Magazine article Washington Report on Middle East Affairs

Anxious for Armageddon: A Call to Partnership for Middle Eastern and Western Christians

Magazine article Washington Report on Middle East Affairs

Anxious for Armageddon: A Call to Partnership for Middle Eastern and Western Christians

Article excerpt

Anxious for Armageddon: A Call to Partnership for Middle Eastern and Western Christians

By Donald E. Wagner. Herald Press (Scottdale, PA), 1995, 253 pp. List: $12.95; AET: $8.95.

Reviewed by Rev. L. Humphrey Walz

Anyone who knew the Rev. Dr. Donald Wagner only in his youth or early professional life will be startled to read in Anxious for Armageddon his account of the 180-degree turn in his outlook and career. Readers like the writer of this review, who have known him over the past 15 years as a tireless and dedicated champion of Palestinian rights in the framework of a lasting and honorable Middle East peace, will be equally startled to learn that he once was a committed Christian Zionist.

In this new book, he describes the dramatic course of his transformation. In it he also shares first-hand insights he has gained in the course of his subsequent work as national director (1980-90) of the Palestine Human Rights Campaign and then director of Evangelicals for Middle East Understanding.

It was on a sweltering July evening in 1950 that Wagner heard his first confusing references to the Middle East and its role in the future of Christianity and the world. Then aged eight, he had accompanied his grandparents to a revival service in a rural upstate New York church. There he heard a persuasively emotional sermon on "Hell and The Latter Days," the core of which he relates in this abridged excerpt from his book:

"`We have entered the final days of history,' the evangelist proclaimed. `There is a terrible, bloody battle about to be waged, far worse than anything we witnessed in World War II. The Bible predicts this war will be fought at Armageddon and will involve the nation Israel against forces from the north, probably Russia. There has never been a war as terrible as the one we are about to witness. Nation will fight nation, and brother will battle brother.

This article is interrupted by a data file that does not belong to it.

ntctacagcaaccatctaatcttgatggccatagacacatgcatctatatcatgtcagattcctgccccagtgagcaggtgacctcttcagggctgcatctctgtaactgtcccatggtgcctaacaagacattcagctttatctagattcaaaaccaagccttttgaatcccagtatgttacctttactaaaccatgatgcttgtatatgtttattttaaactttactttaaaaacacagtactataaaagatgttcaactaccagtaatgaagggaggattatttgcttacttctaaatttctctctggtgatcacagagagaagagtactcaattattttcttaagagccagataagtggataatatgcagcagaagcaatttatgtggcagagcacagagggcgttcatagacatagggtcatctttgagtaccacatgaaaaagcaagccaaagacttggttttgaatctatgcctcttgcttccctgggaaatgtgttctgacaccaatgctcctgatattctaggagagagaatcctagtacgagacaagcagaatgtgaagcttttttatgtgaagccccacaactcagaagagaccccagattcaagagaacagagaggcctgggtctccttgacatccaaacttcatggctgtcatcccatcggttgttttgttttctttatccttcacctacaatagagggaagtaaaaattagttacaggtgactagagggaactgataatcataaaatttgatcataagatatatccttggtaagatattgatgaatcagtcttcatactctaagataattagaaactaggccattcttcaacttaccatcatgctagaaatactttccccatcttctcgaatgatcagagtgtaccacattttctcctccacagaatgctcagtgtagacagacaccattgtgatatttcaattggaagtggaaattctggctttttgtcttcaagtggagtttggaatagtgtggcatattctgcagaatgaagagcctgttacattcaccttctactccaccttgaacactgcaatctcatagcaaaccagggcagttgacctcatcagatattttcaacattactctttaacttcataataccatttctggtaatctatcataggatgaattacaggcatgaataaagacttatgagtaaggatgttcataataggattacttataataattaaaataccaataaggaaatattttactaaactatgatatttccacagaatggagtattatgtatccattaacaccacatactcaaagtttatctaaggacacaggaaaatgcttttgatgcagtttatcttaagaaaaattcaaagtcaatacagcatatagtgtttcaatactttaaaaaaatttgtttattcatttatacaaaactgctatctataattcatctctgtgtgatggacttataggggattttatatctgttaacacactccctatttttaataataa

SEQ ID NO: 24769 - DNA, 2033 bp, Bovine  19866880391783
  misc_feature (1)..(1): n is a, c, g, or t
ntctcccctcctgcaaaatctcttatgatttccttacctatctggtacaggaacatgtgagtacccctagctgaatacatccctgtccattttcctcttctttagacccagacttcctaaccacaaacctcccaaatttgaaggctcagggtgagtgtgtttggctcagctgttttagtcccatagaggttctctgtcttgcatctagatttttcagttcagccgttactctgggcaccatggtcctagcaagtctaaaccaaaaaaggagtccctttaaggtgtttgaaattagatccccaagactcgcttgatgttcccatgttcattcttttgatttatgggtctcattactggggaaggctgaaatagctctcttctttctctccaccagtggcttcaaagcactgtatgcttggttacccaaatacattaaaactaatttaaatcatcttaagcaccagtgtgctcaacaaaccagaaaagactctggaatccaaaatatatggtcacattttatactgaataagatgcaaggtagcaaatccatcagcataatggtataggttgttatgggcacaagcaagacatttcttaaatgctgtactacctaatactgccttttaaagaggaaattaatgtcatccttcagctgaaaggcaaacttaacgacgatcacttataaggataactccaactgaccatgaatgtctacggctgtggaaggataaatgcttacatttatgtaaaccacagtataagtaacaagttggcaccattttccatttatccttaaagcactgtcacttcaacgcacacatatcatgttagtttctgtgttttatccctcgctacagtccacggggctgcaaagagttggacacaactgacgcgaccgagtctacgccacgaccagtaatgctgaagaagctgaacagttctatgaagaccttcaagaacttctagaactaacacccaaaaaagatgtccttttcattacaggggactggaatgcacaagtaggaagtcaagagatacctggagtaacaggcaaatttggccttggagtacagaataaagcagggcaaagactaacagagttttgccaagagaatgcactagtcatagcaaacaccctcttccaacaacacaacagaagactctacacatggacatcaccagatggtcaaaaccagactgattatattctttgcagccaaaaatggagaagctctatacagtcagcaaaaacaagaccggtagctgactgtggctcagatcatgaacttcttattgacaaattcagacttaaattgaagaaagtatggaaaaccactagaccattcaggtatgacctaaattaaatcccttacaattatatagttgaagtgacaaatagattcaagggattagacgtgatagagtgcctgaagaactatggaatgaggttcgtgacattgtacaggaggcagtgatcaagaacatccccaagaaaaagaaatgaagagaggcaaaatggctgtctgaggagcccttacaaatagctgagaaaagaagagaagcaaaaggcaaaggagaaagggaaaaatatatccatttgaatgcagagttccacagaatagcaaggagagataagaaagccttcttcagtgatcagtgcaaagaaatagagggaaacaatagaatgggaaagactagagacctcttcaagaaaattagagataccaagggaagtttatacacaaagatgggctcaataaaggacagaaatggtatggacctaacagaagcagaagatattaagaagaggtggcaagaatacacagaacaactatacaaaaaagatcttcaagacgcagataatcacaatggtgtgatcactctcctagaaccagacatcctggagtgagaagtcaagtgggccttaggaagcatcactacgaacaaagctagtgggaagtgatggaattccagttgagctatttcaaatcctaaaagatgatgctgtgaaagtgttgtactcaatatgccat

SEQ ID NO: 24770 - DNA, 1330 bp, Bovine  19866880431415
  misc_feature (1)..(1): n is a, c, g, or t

"`How do we know this?' he asked. `Because everything is happening just as the prophets of the Old Testament predicted. When God's people, Israel, return to the Holy Land to establish their own state, everything will be in order for the countdown to the end of history. The Bible says that when this occurs, the final battle will be close at hand. Just two years ago, after centuries of statelessness, the Jewish people miraculously created their nation. What an amazing opportunity! God has chosen to begin this prophetic countdown in our lifetime.

"`But the Bible warns us that Jesus will return before this terrible battle takes place. He will take His own from the earth. They will be spared this awful final battle, and you can be among them if you have accepted Jesus Christ as your Lord and Savior...Are you ready tonight to meet Jesus if He returns? If you have not accepted Him as your Lord and Savior, if you have not repented of your sins, you could be left behind to perish in the final battle.'"

It was this preaching, with its promises and fears, that precipitated young Don's decision for Christ, which he has never regretted. But it was his family--pre-eminently, at the time, his grandparents--whose character, spirit and Bible-centered prayer life defined for him who Christ was and what the moral-spiritual-ethical standards were that Christians should follow.

Later, in college and theological seminary, he learned the deficiencies in such forms of apocalyptic fundamentalism. He ceased his unquestioning acceptance of the misuse of selected Biblical passages to confirm preconceived ideas of future events. He came, instead, to seek scriptural guidance by studying the circumstances that brought particular passages into being. As he matured, it was their ancient calls for compassion and justice that reached out across the ages to sharpen his social conscience.

This deeper understanding, however, did not at first undermine his Zionism, but only gave it a new context and rationale. A visit to Auschwitz confirmed his belief that Elie Wiesel and Richard Rubenstein had been right in insisting that "Jews should never again trust others with their fate and must have a state of their own. …

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